The year is winding down already, and it’s a season when everyone reflects on their wins, losses, opportunities, and threats. Even businesses are not left out; it’s a season when crucial past and present events over the calendar year are discussed and positive projections are decided on.
Just during the third quarter of 2022 alone, approximately 15 million data records were exposed worldwide through data breaches, which spells out that one of the biggest themes at any end-of-the-year standup meetings is how to better secure data in 2023 and not lose crucial assets to internet scavengers.
Data breaches happen whenever any unauthorized figure or personnel steals their way into a database for criminal reasons. While many organizations are still in the dark about how data breaches happen, they tend to dedicate their time and resources to patching “big holes” they can see and leaving out tiny cracks.
In a more relatable sense, a big hole may be an organization’s reluctance to upgrade to advanced generation firewalls that can read behaviours of system attacks, while a tiny crack could be just an employee clicking on a malicious link because they couldn’t recognise one.
Peradventure, your organization may be looking to make bigger security moves that may take a while before their executions start bringing the desired results, this article sheds more light on some basic technical practices you can employ to ensure your organization’s data is protected from tiny ways of giving critical information out unconsciously.
One way you can lose your data as an organization is when cyber criminals embed viruses or other malicious links into free-to-use software and you install them on your work devices without enough scrutiny. Getting a functional antivirus that can prompt you as soon as an unrecognized file tries to run in the background may be all you need to stop the data breach and save your system from being corrupted.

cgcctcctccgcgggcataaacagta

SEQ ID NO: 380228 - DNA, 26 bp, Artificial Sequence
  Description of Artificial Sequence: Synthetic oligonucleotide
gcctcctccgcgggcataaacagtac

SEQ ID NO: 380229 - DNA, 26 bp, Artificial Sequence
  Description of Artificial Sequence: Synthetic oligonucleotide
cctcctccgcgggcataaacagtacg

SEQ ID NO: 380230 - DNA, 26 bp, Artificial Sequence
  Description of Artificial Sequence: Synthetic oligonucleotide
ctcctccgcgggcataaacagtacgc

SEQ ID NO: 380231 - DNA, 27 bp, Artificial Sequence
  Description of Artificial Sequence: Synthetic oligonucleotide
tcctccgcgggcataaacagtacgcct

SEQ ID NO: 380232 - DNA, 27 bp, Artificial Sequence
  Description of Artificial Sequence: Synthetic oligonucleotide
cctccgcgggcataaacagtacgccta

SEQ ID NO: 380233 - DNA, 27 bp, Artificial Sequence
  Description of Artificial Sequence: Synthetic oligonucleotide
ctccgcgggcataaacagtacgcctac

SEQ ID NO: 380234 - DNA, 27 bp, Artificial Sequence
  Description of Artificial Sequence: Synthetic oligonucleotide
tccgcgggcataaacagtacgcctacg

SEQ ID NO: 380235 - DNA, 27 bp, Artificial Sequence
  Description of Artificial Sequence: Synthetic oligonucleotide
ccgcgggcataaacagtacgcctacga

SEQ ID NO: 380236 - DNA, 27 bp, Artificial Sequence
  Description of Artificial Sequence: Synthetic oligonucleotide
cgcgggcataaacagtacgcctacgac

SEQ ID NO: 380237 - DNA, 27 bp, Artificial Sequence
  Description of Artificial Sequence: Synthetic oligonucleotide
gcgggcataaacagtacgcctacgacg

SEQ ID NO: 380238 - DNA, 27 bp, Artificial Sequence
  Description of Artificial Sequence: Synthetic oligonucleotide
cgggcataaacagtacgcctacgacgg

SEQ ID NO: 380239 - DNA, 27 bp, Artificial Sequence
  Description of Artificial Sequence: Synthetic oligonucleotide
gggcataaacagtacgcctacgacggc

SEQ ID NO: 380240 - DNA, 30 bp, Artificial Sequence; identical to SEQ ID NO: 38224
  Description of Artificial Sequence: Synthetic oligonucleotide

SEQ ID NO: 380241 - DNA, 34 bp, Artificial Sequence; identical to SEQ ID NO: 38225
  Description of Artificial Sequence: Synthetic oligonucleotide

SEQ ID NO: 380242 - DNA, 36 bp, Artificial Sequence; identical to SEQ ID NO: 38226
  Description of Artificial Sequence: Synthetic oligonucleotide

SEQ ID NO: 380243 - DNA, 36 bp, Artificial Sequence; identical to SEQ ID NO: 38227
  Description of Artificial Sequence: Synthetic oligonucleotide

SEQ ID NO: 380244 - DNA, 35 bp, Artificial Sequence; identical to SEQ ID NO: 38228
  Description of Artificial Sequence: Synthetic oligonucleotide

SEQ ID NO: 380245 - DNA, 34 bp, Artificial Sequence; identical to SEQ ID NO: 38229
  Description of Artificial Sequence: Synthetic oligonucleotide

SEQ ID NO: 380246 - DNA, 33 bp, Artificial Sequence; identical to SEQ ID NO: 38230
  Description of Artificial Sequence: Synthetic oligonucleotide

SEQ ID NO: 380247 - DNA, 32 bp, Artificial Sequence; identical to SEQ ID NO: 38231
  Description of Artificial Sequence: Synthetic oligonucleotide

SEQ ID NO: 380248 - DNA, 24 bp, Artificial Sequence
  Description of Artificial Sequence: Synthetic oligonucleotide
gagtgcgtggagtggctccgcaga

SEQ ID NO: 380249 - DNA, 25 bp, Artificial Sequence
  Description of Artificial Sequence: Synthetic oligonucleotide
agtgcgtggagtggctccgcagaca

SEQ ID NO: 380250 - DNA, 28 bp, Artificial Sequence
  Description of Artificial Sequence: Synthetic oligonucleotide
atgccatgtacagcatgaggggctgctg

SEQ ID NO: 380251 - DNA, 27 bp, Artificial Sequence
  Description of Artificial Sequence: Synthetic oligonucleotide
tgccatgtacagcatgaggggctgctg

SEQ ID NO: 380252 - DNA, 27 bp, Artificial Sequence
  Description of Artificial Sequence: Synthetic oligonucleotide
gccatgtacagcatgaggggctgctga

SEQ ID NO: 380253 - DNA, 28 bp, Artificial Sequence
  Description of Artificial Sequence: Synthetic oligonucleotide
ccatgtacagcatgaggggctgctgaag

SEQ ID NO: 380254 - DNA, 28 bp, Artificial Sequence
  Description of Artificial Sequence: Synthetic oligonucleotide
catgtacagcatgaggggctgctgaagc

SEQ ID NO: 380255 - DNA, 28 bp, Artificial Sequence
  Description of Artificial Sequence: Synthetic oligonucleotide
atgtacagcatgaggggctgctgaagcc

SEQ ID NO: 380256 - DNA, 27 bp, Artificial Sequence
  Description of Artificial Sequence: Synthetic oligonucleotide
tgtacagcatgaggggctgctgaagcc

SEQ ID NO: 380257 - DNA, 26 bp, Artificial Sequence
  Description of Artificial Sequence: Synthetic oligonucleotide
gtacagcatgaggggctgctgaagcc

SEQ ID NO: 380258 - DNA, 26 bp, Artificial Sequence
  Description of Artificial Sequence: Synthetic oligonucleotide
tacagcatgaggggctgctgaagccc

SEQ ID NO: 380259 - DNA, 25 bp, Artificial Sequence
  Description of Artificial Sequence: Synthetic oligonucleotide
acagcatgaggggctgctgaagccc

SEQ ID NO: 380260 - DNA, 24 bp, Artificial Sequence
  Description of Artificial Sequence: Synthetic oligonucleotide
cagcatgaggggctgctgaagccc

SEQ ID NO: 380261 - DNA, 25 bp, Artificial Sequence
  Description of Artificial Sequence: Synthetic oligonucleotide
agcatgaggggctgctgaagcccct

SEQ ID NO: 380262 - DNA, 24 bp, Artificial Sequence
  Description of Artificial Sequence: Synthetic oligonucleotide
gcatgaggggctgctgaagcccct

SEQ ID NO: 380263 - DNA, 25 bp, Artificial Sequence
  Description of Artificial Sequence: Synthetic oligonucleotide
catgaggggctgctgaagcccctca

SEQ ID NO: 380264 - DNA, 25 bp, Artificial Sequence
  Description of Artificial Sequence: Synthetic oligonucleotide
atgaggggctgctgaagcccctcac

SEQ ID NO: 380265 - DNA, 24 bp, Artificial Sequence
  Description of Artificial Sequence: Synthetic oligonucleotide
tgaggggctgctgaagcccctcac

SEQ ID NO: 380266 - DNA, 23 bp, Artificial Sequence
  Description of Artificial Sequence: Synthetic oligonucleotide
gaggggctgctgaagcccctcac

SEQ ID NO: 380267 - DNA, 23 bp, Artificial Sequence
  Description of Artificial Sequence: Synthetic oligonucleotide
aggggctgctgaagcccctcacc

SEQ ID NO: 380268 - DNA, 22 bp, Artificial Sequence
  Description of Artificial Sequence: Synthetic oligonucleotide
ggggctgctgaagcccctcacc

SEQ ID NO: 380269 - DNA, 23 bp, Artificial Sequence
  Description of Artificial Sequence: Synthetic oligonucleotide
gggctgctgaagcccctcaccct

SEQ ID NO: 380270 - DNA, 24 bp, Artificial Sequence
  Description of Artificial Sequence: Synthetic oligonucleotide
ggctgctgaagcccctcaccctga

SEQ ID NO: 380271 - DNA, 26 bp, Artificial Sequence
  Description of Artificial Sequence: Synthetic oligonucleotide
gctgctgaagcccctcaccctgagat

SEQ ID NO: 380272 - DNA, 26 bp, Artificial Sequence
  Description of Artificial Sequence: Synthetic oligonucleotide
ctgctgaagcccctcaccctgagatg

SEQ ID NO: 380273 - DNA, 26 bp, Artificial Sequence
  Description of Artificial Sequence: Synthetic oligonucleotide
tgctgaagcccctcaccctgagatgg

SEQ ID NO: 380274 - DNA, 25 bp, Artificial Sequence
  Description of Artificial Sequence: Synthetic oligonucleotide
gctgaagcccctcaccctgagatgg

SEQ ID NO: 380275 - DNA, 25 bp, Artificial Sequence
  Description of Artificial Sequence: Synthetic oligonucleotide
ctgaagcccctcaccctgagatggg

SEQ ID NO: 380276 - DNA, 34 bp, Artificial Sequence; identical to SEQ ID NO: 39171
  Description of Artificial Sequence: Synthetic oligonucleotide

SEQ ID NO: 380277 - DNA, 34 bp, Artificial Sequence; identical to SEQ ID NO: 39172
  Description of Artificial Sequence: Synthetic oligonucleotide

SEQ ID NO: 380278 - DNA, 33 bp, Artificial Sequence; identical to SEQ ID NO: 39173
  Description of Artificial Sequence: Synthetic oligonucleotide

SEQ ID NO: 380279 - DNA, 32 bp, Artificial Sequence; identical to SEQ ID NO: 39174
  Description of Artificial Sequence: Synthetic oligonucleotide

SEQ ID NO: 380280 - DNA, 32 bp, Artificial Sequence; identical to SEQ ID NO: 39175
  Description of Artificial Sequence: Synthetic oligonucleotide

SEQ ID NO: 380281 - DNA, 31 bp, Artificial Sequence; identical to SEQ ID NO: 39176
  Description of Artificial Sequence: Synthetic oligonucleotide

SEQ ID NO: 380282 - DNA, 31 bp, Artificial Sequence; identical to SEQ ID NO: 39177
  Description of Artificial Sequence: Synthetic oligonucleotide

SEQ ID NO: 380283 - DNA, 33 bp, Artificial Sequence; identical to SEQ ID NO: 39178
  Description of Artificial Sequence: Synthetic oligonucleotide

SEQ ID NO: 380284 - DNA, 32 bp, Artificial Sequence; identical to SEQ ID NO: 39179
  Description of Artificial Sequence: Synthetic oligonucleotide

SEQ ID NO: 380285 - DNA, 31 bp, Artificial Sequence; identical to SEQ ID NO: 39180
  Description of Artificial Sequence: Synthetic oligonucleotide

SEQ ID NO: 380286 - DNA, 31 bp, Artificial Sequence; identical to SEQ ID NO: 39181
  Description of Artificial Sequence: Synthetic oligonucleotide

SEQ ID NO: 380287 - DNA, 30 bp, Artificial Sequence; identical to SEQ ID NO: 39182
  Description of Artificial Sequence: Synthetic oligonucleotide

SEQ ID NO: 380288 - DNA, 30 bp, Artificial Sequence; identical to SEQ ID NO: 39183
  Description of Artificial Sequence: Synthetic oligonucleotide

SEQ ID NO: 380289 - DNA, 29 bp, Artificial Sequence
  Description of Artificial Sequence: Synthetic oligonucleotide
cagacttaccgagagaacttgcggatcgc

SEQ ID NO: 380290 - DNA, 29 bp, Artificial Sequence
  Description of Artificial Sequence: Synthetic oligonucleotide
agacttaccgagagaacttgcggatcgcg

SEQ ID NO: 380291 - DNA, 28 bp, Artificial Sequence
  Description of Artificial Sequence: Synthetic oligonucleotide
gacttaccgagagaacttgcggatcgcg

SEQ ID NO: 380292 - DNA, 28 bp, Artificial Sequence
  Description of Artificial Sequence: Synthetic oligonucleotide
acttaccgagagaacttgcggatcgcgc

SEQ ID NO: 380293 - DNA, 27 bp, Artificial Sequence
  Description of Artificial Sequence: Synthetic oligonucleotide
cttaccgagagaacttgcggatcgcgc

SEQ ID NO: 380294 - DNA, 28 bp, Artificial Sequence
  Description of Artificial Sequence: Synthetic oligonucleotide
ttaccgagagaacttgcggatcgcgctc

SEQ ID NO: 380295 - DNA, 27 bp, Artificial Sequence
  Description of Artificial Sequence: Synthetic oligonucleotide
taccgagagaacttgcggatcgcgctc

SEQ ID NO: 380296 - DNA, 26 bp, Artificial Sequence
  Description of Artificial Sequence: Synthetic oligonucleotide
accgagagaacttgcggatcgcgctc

Apart from phishing (a cybercrime carried out through email), or smishing (one carried out through messaging), criminals also try to steal critical information by calling their targets, hoping the medium would be more trusted since there’s an actual interaction. In the process, your employees may get too carried away with their works that they don’t pay attention to the identities of callers. To avoid this, investing in proven caller ID detection software could notify you when a number has been flagged multiple times for spamming; hence, you can steer clear of giving access to a conversation.
It is easy to oversee how cautious your employees are with the work devices they use when you are close by, but it may be a different case scenario when you are walls apart. A mobile device management (MDM) system connects multiple mobile devices to a central one that can manage the activities of the other connected devices. With such a system in place, you can play a big part in ensuring that every member of your staff adheres to internet security measures by limiting their access to unsafe websites and installing unprotected applications.
2023 is set to be a year of big data, and the more technology is used to innovate solutions that require data to function, the more cybercriminals are looking to breach and steal these assets. Be on the front foot and take proactive measures today.